“Your life, son of Doriath, is of great value to many,” Lord Gwaihir assured him solemnly.  “There is one who continually pleads your cause before the Thrones of the West.  Her prayers are heard.”

Blindsided, Thranduil could not form a coherent reply.  His heart quickened, and his mind churned with a thousand questions, but he could sense that it was already an extraordinary grace to receive such a message, and it would be impertinent to demand more.  

Lord Gwaihir spread his great wings.  “Farewell, wherever you fare,” he said in parting, “till your eyries receive you at the journey’s end.”

“May the wind under your wings bear you where the sun sails and the moon walks,” Thranduil replied on behalf of them all, remembering the response Radagast had taught him.  

The wake of the Eagles’ wings was like the wind in the vanguard of a storm as the enormous flock took to the air in turns, lifting off the crags and soaring away to the west.  Thranduil watched them go, knowing he may never see anything quite so magnificent again.  

When the Eagles had disappeared into the distance, the small assembly returned into the valley in silence.  Thorin had not yet died, and it seemed vulgar to discuss their outstanding business while he still drew breath.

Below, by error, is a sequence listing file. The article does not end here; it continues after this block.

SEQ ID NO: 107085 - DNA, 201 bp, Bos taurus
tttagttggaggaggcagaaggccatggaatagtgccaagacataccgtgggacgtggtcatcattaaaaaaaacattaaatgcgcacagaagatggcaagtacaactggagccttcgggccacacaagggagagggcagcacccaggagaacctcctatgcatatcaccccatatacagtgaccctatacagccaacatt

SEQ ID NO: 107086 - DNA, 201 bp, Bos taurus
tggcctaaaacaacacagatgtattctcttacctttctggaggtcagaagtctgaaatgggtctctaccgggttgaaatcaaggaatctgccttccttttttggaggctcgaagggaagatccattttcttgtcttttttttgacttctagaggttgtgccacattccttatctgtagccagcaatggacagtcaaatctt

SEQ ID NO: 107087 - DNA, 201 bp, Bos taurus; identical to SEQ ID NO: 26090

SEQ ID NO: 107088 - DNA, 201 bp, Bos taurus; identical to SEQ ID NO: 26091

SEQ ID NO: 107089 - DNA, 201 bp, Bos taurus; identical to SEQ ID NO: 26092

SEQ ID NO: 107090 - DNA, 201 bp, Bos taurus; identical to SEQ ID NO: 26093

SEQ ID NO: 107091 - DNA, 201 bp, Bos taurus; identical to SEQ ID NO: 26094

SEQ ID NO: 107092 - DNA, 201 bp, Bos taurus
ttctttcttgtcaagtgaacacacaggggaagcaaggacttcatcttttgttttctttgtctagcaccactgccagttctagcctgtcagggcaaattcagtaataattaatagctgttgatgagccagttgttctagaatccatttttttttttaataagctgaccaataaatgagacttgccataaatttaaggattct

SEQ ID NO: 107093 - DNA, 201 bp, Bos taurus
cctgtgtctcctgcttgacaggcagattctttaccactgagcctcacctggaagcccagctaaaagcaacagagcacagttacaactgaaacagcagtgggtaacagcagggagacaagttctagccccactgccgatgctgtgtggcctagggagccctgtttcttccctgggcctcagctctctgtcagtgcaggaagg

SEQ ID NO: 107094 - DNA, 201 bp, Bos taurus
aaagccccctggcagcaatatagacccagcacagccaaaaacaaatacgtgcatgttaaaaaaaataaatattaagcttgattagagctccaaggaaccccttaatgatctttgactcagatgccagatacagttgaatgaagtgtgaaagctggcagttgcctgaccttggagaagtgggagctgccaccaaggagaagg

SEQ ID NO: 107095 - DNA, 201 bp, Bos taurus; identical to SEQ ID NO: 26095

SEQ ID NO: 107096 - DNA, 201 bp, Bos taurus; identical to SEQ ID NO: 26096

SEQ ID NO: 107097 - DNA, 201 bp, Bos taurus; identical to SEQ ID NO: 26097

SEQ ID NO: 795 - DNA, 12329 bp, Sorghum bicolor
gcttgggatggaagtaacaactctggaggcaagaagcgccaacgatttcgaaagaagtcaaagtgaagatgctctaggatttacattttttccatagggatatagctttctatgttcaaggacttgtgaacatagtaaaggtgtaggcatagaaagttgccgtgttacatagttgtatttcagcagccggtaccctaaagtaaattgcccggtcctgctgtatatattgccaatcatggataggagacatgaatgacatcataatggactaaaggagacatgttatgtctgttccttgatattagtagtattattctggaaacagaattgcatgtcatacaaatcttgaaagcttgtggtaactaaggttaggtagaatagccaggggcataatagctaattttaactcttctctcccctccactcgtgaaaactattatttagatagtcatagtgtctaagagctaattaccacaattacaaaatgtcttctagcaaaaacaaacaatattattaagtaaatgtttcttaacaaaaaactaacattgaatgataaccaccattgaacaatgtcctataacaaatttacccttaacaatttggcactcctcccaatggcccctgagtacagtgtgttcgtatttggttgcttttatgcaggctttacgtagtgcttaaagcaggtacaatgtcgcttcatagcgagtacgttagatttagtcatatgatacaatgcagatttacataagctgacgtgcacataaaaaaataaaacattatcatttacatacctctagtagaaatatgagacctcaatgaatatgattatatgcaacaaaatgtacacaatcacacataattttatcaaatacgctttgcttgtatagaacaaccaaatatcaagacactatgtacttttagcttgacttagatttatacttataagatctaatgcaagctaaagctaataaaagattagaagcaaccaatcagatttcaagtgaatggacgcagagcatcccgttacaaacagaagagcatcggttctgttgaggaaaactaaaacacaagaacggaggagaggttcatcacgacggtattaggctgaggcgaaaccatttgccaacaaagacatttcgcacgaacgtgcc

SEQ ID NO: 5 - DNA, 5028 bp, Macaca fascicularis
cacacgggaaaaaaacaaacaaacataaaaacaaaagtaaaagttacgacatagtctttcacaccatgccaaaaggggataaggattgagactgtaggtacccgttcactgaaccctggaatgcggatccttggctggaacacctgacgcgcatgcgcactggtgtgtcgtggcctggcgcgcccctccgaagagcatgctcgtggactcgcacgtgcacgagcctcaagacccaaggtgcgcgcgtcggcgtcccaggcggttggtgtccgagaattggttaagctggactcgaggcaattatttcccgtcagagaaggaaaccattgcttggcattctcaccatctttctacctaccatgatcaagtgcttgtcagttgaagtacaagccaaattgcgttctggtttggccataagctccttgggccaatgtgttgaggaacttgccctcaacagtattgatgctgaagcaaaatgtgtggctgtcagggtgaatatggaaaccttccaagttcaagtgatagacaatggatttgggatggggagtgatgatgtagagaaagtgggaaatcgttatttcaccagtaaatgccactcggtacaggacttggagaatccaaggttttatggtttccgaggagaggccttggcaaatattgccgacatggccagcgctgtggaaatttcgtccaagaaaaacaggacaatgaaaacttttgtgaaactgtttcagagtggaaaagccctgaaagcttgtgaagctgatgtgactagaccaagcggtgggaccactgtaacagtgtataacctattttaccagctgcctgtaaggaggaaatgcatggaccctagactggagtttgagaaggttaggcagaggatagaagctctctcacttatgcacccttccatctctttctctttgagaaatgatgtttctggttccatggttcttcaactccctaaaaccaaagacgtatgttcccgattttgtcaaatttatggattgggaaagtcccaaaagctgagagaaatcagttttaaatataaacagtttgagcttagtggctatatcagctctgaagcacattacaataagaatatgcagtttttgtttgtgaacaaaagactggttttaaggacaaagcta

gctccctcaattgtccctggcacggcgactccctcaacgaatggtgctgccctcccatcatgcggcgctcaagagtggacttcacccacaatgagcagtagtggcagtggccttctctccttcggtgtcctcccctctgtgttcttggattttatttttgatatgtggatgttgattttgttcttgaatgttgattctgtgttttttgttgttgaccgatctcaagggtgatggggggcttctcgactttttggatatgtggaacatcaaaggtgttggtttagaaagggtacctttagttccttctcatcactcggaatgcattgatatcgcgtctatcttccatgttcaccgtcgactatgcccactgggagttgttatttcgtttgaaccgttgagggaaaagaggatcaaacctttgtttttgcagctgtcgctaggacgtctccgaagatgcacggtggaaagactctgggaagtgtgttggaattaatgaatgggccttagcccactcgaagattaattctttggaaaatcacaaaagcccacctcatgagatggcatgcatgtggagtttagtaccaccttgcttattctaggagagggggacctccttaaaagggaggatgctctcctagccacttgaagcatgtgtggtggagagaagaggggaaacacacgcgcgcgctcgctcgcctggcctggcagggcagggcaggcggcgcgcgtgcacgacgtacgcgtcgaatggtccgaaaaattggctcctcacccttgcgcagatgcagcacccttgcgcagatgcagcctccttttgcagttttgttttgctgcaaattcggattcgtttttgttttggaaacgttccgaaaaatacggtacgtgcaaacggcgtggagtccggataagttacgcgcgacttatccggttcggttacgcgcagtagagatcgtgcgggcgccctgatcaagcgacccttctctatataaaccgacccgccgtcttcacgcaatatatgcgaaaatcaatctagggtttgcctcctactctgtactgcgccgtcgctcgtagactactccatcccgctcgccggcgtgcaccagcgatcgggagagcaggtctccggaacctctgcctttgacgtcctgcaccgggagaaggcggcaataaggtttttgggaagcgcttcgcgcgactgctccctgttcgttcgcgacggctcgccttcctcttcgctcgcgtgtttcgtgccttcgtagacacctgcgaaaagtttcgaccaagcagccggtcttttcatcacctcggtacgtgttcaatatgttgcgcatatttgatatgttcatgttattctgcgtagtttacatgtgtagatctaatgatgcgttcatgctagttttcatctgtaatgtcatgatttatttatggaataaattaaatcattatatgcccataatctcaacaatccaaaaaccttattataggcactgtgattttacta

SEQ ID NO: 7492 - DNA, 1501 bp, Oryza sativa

Thranduil wandered toward the camp, oblivious for the moment to all else, deep in his own thoughts.  Gwaihir’s words had offered only the briefest glimpse beyond the bounds of the mortal world.  Who was she who interceded for him so faithfully?  It could be his mother, or perhaps it could be Melian, but he wanted to believe it was his wife.  It was a profoundly bittersweet consolation to imagine she was somehow aware of the trials he continued to endure in service of her dying wish, both of them rising to the demands of duty in different spheres until their task was done.  Wherever she was, Thranduil knew Lindóriel’s heart would be turned toward Greenwood.  Perhaps a day would finally come when there was no more war, and they would be free to find one another again.  Until then they would soldier on as they must, lovelorn exiles on opposite sides of the world.

He paused to allow a stiff western breeze to break across his face.  There were no sweet aromas upon it, only the cold and barren scents of winter, but Thranduil breathed deeply all the same.  Someday their time would come.  Someday the wars would end, or he would finally be killed, and then everything would be new.  But today was not that day.  Today he was the King, today he had an army to lead and a people to rule, duties to perform and vows to keep.  Someday would come in its own time, and he knew his queen understood that.